People in lockdown told not to make impulsive pet decision

Surge in interest in adopting a puppy as ‘Lucy’s law’ on pets from third-party sellers comes into effect.

Puppy

The Guardian reports that the British public have been urged not to make an impulsive decision to get a pet, as figures showed a surge in interest in adopting a puppy.

The Kennel Club said that with people staying at home during the coronavirus lockdown, it was unsurprising that more were considering getting a dog, but no one should rush into such a move. It said searches via its “find a puppy” tool had risen by 53% between February and March, with the biggest increase coming in the week before Boris Johnson announced the lockdown.

Searches between 16 and 23 March were up 37% compared with the previous week and up 84% on the same week last year. The top three most searched-for breeds were labradors, cocker spaniels and golden retrievers, it said.

Legislation known as “Lucy’s law” banning the sale of puppies and kittens from third-party sellers came into effect overnight.

The Kennel Club said it hoped that as well as improving welfare conditions, the new rules would encourage people thinking of getting a puppy to do their research and find a responsible breeder.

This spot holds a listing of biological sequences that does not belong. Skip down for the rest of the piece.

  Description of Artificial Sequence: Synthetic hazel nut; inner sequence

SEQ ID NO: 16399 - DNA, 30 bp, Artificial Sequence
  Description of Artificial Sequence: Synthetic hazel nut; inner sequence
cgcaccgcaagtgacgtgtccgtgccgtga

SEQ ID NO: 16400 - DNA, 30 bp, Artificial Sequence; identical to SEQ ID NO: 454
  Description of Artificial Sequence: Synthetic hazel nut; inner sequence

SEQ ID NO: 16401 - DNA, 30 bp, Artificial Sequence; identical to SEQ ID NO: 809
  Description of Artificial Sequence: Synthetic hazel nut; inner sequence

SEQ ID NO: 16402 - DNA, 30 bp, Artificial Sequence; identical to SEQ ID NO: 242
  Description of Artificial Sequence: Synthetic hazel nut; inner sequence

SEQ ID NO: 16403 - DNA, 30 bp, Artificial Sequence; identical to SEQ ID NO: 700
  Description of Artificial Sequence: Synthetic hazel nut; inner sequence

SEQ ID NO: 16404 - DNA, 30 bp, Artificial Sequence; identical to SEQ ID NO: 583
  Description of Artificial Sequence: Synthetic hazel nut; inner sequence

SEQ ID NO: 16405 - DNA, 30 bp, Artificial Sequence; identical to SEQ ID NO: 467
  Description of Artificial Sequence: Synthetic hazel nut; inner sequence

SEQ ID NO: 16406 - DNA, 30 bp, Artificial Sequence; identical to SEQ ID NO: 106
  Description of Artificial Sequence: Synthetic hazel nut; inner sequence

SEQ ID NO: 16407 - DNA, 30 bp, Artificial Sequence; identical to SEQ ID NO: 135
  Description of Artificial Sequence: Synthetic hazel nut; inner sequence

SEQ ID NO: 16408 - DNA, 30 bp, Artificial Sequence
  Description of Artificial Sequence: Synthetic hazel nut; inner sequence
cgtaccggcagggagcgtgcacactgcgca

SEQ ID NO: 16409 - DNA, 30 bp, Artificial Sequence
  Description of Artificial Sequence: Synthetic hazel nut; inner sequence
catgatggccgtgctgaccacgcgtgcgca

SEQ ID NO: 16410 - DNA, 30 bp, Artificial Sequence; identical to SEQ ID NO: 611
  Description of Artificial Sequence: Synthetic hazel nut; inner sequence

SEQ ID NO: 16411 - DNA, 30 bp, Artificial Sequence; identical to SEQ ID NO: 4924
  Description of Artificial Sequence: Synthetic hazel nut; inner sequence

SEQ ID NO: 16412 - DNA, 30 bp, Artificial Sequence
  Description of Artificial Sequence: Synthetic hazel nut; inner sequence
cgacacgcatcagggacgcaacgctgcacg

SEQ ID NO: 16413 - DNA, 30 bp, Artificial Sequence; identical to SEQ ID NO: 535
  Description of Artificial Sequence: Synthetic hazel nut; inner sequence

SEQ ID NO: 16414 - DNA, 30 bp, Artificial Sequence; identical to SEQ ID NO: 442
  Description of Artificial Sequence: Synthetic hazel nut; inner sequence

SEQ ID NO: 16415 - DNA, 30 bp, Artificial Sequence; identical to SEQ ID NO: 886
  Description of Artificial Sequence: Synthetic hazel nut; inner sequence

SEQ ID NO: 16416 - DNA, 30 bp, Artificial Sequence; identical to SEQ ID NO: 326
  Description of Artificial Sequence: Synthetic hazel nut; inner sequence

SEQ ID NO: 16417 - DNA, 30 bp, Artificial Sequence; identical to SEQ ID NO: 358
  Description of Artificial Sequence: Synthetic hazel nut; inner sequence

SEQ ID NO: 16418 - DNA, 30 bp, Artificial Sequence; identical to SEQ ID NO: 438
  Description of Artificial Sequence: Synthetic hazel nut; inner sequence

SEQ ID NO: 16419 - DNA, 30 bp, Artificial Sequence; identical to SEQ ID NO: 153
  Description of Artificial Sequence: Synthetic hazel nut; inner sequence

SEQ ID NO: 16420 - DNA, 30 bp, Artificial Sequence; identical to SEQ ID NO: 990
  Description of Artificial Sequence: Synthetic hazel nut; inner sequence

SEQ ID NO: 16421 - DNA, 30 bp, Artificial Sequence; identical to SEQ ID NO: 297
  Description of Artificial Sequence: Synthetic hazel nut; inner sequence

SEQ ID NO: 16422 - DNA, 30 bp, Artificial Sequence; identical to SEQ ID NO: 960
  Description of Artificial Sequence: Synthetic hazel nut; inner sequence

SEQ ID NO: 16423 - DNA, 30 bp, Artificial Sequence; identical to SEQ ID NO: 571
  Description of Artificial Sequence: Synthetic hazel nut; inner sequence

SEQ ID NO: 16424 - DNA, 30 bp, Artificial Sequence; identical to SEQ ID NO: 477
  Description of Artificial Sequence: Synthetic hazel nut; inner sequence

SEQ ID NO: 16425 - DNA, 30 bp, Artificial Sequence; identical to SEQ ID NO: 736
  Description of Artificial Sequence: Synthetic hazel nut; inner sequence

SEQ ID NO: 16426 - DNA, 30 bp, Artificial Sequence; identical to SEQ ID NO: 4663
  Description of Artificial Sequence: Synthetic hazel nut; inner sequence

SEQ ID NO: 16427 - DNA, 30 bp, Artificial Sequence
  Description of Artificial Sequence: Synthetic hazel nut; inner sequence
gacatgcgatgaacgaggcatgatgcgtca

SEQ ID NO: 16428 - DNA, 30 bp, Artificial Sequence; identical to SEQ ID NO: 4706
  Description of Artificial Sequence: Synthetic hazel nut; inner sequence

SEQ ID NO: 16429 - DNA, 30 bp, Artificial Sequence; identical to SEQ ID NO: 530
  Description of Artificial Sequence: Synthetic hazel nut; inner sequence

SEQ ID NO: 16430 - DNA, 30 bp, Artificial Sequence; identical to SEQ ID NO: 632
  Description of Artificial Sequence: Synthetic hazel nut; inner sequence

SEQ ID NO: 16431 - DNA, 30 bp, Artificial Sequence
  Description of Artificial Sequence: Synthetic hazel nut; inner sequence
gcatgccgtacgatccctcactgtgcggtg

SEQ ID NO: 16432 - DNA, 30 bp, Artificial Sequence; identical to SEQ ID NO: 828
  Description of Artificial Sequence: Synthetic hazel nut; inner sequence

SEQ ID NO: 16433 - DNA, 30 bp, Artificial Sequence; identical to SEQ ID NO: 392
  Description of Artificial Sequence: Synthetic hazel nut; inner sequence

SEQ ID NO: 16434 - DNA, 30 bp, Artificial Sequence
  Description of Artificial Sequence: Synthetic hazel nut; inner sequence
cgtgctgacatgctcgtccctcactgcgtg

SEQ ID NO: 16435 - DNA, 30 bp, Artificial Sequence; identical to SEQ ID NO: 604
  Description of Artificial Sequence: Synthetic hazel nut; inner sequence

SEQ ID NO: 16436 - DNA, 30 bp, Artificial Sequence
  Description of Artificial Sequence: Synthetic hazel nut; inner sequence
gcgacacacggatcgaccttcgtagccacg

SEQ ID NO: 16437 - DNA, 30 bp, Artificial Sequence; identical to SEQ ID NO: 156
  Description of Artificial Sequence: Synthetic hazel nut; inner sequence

Holly Conway, the head of public affairs at the Kennel Club, said: “While we would underline that now isn’t the right time to bring home a puppy, or make an impulsive decision to get a pet, these figures could be a sign of more people looking to find a breeder directly in the future, which is extremely positive and what Lucy’s law aims to impose.

“Preventing suffering caused by quick, careless decisions and deceptive, profit-hungry puppy farmers is what Lucy’s law is all about. The more time you spend, the more aware you will be, and the much more likely you are to bring home a happy, healthy puppy from a responsible, caring breeder – rather than fuelling untold suffering and heartache as a result of third party sellers hiding horrific breeding conditions.”

Under the new legislation, puppies and kittens can no longer be sold in England by a third party – such as a pet shop or dealer – but only those who have bred the animal. It means that buyers planning to buy or adopt an animal younger than six months old must deal directly with the breeder or an animal re-homing centre.

The law is named after a cavalier King Charles spaniel called Lucy who died in 2016 after being kept in poor conditions on a puppy farm.

(Story source: The Guardian)

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